Winter 2019 Cohort


Taylor, 25

"Affliction is often that thing which prepares an ordinary person, for some sort of an extraordinary destiny." -C.S. Lewis

My junior year, I participated in a mentoring program through EMU that inspired me to create my own mentoring program based on the things that I learned from my experiences and lessons that I knew I still needed to learn. In 2015, I was financially unable to complete my last year at EMU for a multitude of reasons. It was that following year that I founded my non-profit organization Girls That Rock. I was determined to help young women attain their goals through organization and self-awareness. The Engage Corps program has been the experience that I never could have imagined. Having the opportunity to tell my story, and get another chance has been my saving grace. My time away from school only enhanced my passion for helping the community and higher education. I am a better mentor as a result of my transition because I can properly prepare my high school seniors for what's to come. After graduating in December, I plan to move forward in obtaining my Master of Social Work.

Taylor is volunteering with Washtenaw Literacy in Ypsilanti and is majoring in Psychology.

Jamere, 26

"There is always another way."

Entering college at a young age and not really having anyone in my life to model what I'm supposed to do ultimately had a negative effect on me. It forced me to figure it out myself and grow up without any direction. Working full time and, sometimes, more than one job to pay the bills at my apartment, going to school full time, being on the e-board of multiple organizations, trying to maintain a failing relationship and have a social life was too much for me at the time. School took a backseat to me trying to survive which lead to stepping away from EMU. My experience re-enrolling at EMU was surreal. I definitely did not think that I would be where I am today. EMU Eagle Engage Corps has really changed my life and made me feel supported through this amazing journey.

Jamere is volunteering with the Barney McCosky Baseball and Basketball League in Detroit and is majoring in Political Science.

Tye, 28

"By any means necessary. " - Malcolm X

I began my undergraduate journey back in 2008 when I was 18 years old. I was a first generation high school graduate and college student. I was a struggling student. I had no real support system and didn't have much guidance. EMU Eagle Engage Corps was my saving grace. My experience re-enrolling at EMU was simple and easy. I visited an adviser, planned out the courses needed for me to graduate then filled out all of the re-enrollment forms. I stayed on top of things so the process turned out to be fairly painless. After finishing college, I hope to gain employment with an organization that focuses on youth development.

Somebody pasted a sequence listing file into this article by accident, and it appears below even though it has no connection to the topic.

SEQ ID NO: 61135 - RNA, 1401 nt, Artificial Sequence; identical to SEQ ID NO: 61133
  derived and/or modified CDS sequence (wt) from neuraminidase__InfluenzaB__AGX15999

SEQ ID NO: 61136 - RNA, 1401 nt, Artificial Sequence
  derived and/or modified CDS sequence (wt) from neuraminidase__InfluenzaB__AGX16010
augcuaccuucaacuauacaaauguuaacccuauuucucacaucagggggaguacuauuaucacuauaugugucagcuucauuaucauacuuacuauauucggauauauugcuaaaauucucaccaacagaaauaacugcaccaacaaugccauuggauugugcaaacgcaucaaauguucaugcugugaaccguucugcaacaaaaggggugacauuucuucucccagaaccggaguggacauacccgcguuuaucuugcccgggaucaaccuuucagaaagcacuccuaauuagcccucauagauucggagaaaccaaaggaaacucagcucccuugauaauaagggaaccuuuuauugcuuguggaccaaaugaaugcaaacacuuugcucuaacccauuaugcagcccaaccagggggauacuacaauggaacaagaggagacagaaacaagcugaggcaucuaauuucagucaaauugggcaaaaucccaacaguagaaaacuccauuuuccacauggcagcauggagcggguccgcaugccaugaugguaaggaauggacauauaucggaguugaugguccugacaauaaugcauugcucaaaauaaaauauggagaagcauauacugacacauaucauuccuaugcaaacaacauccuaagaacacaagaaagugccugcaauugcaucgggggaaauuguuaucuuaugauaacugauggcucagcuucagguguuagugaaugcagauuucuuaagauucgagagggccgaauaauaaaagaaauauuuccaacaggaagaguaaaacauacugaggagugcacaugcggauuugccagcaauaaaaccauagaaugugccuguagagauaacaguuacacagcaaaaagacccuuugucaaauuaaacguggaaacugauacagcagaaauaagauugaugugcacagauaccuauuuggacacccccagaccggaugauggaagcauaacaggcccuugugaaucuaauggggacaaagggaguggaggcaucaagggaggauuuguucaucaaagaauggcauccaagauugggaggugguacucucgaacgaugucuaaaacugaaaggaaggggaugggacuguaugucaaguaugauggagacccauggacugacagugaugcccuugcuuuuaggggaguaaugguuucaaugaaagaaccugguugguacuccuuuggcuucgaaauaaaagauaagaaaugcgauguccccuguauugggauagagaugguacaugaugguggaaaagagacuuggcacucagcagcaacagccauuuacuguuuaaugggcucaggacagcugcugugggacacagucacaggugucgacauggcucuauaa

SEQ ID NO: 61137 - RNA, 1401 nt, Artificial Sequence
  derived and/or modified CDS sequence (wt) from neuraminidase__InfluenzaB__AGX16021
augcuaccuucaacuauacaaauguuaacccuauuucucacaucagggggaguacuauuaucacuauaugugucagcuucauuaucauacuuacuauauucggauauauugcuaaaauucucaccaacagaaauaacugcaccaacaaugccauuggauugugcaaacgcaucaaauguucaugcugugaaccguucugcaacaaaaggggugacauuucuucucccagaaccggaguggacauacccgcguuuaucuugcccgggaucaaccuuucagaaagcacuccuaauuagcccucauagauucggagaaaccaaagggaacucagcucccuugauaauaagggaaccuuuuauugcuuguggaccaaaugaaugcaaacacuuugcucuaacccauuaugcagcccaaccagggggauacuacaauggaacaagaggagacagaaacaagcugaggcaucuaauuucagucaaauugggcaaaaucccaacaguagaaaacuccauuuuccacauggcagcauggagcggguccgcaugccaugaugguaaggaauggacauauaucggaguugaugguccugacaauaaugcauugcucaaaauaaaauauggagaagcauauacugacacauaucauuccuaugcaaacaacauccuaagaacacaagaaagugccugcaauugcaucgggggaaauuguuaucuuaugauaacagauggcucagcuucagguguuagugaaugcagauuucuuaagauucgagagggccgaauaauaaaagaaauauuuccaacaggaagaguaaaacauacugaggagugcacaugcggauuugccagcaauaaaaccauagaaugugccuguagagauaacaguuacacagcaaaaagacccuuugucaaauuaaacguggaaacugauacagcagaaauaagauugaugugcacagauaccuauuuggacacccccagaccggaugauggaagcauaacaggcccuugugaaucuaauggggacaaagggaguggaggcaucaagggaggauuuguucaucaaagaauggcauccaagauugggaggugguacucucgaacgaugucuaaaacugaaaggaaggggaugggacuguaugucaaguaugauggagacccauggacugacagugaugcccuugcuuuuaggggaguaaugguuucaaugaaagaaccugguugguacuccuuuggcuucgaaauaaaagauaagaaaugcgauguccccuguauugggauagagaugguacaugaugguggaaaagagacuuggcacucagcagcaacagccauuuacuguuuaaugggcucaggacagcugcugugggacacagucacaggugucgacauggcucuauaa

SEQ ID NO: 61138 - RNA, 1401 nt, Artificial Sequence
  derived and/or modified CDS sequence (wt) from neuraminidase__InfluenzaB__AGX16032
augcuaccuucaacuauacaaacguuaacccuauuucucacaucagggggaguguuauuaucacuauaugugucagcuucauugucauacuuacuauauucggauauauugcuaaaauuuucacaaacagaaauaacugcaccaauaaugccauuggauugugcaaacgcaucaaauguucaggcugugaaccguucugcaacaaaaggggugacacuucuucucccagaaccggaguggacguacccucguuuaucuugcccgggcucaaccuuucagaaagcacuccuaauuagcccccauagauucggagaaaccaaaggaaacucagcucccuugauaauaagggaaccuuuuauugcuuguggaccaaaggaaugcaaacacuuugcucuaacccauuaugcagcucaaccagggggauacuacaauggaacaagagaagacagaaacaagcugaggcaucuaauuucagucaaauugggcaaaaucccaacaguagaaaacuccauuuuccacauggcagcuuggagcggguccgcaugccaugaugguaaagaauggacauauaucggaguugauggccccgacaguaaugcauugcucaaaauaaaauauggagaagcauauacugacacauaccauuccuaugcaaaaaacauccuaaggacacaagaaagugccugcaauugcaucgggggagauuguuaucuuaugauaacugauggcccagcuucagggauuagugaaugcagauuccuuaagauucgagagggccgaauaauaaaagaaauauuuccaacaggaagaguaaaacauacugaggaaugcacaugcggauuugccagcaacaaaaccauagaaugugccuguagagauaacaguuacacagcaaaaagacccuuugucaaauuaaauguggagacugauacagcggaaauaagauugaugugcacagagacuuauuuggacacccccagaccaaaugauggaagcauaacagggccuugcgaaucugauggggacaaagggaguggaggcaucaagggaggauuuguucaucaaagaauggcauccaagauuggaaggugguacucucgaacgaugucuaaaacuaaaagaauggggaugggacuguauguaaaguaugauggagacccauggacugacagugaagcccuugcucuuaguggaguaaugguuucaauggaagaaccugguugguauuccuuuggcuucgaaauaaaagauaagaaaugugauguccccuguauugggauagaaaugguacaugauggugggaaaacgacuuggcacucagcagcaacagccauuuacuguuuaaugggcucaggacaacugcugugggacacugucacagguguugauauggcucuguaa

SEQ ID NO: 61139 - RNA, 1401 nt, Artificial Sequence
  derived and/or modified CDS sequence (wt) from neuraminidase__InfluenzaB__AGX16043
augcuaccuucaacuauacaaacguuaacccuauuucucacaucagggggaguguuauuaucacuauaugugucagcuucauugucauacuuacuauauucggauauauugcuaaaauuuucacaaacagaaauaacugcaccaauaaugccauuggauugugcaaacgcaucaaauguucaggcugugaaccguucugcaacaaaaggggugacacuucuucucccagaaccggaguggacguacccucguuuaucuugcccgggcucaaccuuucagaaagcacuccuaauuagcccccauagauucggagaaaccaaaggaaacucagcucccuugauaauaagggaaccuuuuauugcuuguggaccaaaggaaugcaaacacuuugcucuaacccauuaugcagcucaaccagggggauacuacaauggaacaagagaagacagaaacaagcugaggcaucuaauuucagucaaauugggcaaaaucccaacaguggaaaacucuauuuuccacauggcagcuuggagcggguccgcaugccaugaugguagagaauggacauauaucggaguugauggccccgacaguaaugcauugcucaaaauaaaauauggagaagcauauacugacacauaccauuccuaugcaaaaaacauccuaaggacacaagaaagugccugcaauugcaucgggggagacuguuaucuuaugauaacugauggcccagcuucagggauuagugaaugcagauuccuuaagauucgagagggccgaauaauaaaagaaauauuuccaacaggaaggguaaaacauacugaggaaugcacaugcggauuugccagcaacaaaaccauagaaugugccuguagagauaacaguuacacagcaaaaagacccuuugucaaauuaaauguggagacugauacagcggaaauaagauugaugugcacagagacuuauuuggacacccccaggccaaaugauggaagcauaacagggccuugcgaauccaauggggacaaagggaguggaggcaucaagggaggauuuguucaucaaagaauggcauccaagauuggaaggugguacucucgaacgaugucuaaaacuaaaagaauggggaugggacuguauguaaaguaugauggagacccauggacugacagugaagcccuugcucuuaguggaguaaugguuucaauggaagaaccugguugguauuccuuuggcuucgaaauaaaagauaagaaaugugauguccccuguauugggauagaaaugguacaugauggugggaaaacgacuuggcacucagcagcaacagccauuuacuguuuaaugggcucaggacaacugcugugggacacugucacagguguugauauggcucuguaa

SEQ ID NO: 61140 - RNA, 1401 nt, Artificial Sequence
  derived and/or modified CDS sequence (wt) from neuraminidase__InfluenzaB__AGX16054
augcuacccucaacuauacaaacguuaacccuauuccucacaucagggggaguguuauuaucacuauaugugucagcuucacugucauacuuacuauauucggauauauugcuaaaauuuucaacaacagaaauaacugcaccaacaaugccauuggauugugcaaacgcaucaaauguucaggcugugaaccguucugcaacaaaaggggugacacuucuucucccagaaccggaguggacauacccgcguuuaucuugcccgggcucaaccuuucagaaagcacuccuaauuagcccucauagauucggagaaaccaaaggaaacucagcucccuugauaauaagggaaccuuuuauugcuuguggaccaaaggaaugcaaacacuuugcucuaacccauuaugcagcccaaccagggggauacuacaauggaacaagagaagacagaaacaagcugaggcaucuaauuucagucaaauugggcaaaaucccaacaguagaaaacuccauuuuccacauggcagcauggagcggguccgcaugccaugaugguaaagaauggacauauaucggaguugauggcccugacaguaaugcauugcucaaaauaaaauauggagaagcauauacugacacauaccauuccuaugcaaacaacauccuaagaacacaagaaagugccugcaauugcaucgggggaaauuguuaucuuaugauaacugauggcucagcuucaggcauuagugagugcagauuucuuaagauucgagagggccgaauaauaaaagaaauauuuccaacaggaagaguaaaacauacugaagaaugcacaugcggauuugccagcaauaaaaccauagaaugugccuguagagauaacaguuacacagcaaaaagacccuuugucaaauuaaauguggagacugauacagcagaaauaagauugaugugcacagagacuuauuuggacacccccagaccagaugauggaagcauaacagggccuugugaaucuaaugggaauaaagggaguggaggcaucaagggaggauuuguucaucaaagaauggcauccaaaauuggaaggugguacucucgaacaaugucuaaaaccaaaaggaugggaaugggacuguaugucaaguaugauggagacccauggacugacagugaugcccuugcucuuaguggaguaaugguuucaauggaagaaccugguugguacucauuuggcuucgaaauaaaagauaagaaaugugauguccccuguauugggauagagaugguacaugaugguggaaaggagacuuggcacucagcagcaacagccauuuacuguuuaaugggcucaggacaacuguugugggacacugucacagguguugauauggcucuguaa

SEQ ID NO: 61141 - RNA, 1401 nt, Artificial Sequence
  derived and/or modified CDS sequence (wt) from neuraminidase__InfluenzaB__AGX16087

Tye is volunteering with the Collaborative - Ypsilanti YMCA Child Development Center in Ypsilanti and is majoring in Communication.

Dominique, 25

"If it can't be fixed or you won't fix it, don't complain. "

I began college right after high school. Taking time off to explore options wasn't in my path. I dove in head first with no clear direction; I just knew I had to get my degree. While at EMU I had a lot of options and support from staff as I found my way. However, due to internal struggles, I found myself lost and drowning. I tried to swim to the surface kicking harder and harder by adding more and more to my plate to get the "full experience". However, my inability to reach out to those support systems and desire to keep the "status quo" lead to my downfall so close to the end. Once I received this opportunity to re-enroll it was honestly unbelievable. I wanted to do everything I could to make this a success. Now, was it easy, no? For starters, I began the enrollment process when the university was closed and a few weeks before the semester started. Then I had to tell my job I know this is what I normally work but I need to change it as soon as possible. Once I got over a few hurdles I braved my first collegiate course in years at the 400 level. Well I am a senior that should be no big deal right? Wrong! It's like doing a hard crash on the computer which is my brain rewiring to process ideas that used to come so naturally. It is frustrating and intimidating when your class mates have been fully immersed in this process without let up. This entire experience has forced to me to look at myself not as someone who is broken or someone who failed. This experience has made me look my mistakes, trials and tribulations in the face and say " You won't beat me."

Dominique is volunteering with Washtenaw Literacy in Ypsilanti and is majoring in Electronic Media and Film Studies.

Ron, 22

"As we’re reaching our goals in life, it’s important to remember, it’s not about everyone else on knowing you did it, it’s about you knowing you can do it...One of the most gratifying moments is knowing you did that..." - KB

I came to college at 17. I knew I would be in the medical field. My mom is a nurse. I am the only child and it has always been just me and my mom. As soon as I got to college my mother moved across the country to start travel nursing. That was kind of hard for me. During my sophomore year I was going through a bad break up. During that time my grades slipped and me and my mother just could not afford the price of my single dorm. It was really hard for me because I have always believed school was my only way. I always thought school was all I had and losing that really broke me down. After re-enrolling, I am the happiest I have been in a long time. I hold school in a different way and appreciate it even more now. I plan to go to pharmacy school. A dream of mine is to me a celebrity/special FX makeup artist.

Ron is volunteering with the Collaborative - YMCA Child Development Center in Ypsilanti and is majoring in Biochemistry.

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